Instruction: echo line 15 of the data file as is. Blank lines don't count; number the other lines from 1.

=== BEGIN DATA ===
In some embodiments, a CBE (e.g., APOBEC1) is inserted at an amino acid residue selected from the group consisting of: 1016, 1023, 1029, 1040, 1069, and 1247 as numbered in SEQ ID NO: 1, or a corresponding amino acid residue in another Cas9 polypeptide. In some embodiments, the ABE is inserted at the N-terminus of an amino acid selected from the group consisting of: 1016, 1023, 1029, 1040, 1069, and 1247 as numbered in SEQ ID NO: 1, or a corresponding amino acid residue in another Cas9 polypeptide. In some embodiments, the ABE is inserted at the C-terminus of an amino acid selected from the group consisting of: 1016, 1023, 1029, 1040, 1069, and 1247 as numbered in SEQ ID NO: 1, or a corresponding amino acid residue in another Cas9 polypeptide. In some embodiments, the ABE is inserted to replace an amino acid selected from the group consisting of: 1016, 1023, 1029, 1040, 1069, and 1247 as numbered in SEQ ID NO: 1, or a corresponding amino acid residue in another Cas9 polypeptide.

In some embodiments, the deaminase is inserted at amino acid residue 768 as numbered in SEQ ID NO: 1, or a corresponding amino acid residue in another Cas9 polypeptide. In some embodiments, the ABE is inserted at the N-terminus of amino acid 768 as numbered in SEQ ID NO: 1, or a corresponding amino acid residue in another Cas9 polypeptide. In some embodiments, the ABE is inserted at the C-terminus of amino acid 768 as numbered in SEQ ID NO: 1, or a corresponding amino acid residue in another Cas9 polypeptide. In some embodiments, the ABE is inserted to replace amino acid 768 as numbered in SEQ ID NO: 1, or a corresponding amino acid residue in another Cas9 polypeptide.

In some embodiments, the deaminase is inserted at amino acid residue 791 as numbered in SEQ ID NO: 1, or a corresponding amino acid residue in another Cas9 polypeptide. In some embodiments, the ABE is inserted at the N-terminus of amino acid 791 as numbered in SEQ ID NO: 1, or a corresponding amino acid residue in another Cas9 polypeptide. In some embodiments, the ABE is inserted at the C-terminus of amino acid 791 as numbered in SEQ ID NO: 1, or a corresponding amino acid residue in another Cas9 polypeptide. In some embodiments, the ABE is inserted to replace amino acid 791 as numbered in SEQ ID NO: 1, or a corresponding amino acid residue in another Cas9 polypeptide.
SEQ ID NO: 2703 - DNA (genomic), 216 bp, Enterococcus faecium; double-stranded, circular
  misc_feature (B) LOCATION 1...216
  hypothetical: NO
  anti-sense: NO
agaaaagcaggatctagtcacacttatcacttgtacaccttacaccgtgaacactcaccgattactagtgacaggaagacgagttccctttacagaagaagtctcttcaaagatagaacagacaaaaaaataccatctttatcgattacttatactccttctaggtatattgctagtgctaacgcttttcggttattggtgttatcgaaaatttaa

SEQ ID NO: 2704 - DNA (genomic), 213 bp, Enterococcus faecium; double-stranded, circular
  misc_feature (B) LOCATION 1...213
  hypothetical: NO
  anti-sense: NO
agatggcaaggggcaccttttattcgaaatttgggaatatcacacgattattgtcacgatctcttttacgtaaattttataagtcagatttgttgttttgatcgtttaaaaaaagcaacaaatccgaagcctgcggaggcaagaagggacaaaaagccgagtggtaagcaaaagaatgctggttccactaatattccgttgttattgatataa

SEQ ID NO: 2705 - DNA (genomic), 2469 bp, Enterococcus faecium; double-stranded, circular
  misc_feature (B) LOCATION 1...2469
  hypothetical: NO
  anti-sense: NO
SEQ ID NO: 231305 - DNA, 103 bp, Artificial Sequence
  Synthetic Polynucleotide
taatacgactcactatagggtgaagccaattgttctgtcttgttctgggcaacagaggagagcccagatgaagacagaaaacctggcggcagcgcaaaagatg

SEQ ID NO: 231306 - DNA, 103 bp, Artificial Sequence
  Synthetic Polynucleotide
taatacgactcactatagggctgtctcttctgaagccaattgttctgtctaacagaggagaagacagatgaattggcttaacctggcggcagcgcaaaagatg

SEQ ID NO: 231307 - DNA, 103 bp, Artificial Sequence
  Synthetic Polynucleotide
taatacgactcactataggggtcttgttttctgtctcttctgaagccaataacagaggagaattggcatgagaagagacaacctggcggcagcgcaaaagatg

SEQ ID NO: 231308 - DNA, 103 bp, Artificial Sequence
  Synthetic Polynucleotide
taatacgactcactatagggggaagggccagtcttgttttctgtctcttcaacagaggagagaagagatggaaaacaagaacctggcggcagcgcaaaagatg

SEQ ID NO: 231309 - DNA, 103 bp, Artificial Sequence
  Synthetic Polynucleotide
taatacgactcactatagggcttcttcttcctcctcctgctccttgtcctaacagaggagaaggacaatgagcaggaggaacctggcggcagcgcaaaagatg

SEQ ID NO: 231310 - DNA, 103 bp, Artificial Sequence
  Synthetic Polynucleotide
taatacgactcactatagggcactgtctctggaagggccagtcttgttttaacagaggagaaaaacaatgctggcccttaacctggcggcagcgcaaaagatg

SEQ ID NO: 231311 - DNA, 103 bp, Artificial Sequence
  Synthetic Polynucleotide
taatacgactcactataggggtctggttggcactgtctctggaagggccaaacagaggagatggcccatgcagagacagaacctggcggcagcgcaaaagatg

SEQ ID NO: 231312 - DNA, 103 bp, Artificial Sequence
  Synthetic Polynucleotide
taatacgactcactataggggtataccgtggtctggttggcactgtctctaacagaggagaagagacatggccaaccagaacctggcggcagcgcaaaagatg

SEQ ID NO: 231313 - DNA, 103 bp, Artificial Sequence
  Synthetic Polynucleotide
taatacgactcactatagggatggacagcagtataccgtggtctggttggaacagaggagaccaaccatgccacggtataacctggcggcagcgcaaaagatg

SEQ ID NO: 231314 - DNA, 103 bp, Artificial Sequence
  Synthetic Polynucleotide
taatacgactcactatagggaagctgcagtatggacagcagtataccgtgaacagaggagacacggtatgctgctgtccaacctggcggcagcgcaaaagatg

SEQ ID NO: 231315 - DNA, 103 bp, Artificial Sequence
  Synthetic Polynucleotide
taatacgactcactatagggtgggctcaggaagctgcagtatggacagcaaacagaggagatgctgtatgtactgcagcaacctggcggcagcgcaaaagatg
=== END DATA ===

  misc_feature (B) LOCATION 1...2469